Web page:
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This is the story of Zimbabwe

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I have finally met someone who does not know of the nation called Zimbabwe!

Now, to be sure, before our economic and political meltdown hardly anyone cared about Zim – except of course those who were curious to get a peak at the Victoria Falls (which has always looked better from Zimbabwe than Zambia, anyway!) or those who did some form of trade with us.

But hang on, even the Queen of England and Lady Di once graced our once prosperous little land. So perhaps we were never that insignificant (to the outside world) anyway.

So I just couldn’t figure out where to begin with explaining to this poor woman about Zimbabwe. Should I tell her about our record monetary inflation, our political power struggles, or maybe even start with colonialism and then make my way into the Unilateral Declaration of Independence (UDI) and then independence as a precursor to the present situation.

And then I thought, “Ugh, man, she is kidding! No one doesn’t know Zimbabwe!”

But her brown eyes fixed intently on my face showed me that her question was genuine. This was no joke – this woman needed an education!

And I only had five minutes in which to give it to her.

What should I start with? Maybe a happy story, maybe something about where I live and work, my friends…

“Zimbabwe is in Africa,” I said. “Close to South Africa.”

Her eyes lit up and I could tell we had finally chartered mutual territory.

But I must admit that from thereon, I didn’t say much else that was good about Zim. I couldn’t help but get into the politics, epidemics and pandemics of our land.

“Oh,” she said looking at me with sadness and shock, “that’s not good.”

It was only then that I realised that I had been given sole responsibility to paint the entire world view of my country for someone.

And I had painted it black.

Isn’t it funny how we often berate the international media for making Zimbabwe out to be a place of doom and gloom, and yet often do the same ourselves?

For many people Zimbabwe is a mediated catastrophe, a place they would never want to be in. And we do nothing to challenge this idea when we keep re-enforcing the idea to everyone we meet.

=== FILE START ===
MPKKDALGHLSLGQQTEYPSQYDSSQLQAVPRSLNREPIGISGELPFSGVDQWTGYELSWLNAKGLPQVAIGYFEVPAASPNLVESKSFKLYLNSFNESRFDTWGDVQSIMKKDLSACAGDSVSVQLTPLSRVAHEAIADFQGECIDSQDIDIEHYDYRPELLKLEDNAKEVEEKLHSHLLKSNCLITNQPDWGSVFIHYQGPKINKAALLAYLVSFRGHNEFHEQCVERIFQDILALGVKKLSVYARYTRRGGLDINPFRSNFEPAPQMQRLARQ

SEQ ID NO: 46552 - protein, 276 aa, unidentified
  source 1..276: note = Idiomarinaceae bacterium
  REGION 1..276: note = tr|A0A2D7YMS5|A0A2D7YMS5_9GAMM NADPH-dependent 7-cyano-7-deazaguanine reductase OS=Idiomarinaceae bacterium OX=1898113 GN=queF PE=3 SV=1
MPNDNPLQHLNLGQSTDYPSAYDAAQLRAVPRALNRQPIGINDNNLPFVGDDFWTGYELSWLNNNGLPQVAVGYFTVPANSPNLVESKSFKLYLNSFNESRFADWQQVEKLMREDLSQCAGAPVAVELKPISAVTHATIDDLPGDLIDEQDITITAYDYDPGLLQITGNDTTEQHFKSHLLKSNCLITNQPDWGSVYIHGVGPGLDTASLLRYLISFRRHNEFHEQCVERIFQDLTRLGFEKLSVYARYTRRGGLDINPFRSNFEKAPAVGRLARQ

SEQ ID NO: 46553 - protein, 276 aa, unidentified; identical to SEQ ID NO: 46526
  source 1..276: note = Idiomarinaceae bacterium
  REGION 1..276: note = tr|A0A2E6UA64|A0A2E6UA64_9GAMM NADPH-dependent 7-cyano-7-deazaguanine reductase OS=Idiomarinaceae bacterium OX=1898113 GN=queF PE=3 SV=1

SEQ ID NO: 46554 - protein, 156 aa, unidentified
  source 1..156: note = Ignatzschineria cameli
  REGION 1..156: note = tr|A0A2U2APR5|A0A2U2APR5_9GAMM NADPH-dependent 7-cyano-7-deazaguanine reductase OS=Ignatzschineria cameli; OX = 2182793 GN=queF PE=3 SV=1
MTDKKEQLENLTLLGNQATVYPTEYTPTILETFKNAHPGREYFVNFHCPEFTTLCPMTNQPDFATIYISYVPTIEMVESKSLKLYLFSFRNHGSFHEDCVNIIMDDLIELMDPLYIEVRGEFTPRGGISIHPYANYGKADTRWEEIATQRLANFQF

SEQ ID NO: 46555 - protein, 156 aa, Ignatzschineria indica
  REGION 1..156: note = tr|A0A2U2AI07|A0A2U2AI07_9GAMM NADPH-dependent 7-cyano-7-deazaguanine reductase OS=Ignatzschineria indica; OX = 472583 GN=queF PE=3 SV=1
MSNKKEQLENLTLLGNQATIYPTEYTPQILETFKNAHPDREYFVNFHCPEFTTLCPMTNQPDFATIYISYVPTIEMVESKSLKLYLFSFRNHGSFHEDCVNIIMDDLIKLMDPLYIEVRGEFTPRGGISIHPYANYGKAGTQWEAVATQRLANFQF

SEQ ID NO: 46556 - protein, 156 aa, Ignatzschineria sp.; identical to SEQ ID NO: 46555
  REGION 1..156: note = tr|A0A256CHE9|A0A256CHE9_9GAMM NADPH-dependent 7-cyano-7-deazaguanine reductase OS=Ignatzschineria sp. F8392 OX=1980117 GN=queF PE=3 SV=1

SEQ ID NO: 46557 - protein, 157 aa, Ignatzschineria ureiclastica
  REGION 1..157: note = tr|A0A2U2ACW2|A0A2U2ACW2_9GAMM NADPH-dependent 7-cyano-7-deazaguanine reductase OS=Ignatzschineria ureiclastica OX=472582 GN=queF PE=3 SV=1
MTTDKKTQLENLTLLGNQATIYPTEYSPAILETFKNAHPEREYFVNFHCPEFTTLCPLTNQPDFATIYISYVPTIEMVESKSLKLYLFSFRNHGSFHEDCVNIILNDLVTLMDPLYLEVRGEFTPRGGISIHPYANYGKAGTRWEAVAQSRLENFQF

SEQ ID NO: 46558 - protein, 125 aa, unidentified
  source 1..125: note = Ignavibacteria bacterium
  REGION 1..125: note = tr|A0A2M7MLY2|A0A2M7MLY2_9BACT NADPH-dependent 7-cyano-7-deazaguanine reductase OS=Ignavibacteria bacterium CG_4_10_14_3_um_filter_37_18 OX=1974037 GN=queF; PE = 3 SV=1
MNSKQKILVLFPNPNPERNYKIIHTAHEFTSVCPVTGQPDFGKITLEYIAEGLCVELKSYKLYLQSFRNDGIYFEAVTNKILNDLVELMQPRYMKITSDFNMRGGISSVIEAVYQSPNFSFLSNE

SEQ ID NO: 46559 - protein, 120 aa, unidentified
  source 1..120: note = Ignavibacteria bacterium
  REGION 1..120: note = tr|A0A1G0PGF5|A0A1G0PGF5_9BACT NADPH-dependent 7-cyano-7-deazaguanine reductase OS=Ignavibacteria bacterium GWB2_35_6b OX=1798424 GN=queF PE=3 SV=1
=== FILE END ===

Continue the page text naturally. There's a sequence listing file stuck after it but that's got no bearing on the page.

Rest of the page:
Yes, I know that things are really bad and we live under unjust rule. But try to find something hilarious or beautiful in this.

If I could go back and restart my conversation with this woman, I would have told her a story that goes like this:

Once a few years ago, I was walking down a street in Harare and all of a sudden, my slipper snapped. I couldn’t walk any further, unless I would do so on bare feet. And I was at least a kilometre from a shoe repair shop!

“What to do,” I pondered quietly.

And behind me came a voice with an answer.

“Take my shoes,” she said.

“What?” I asked.

She repeated the offer, explaining that she worked at the end of the block. Walking barefoot to the office door would not be so much of a hassle for her.

“Take them and go and get yours fixed.”

I couldn’t believe it – a complete stranger placing complete faith in me.

When I returned an hour later to return her shoes, I asked her why she has trusted me so much.

“I knew you needed my help,” she said. “In a country like ours, everyone struggles sometimes and it’s only when we help each other that we all survive.”

I walked away with a deeper appreciation of what community meant.

This is the story of Zimbabwe – the story of people who still pride themselves in compassion when the same has not been shown to them by their own leaders.

This is the story that I should have recounted, amid all the statistics and gory details about struggle.

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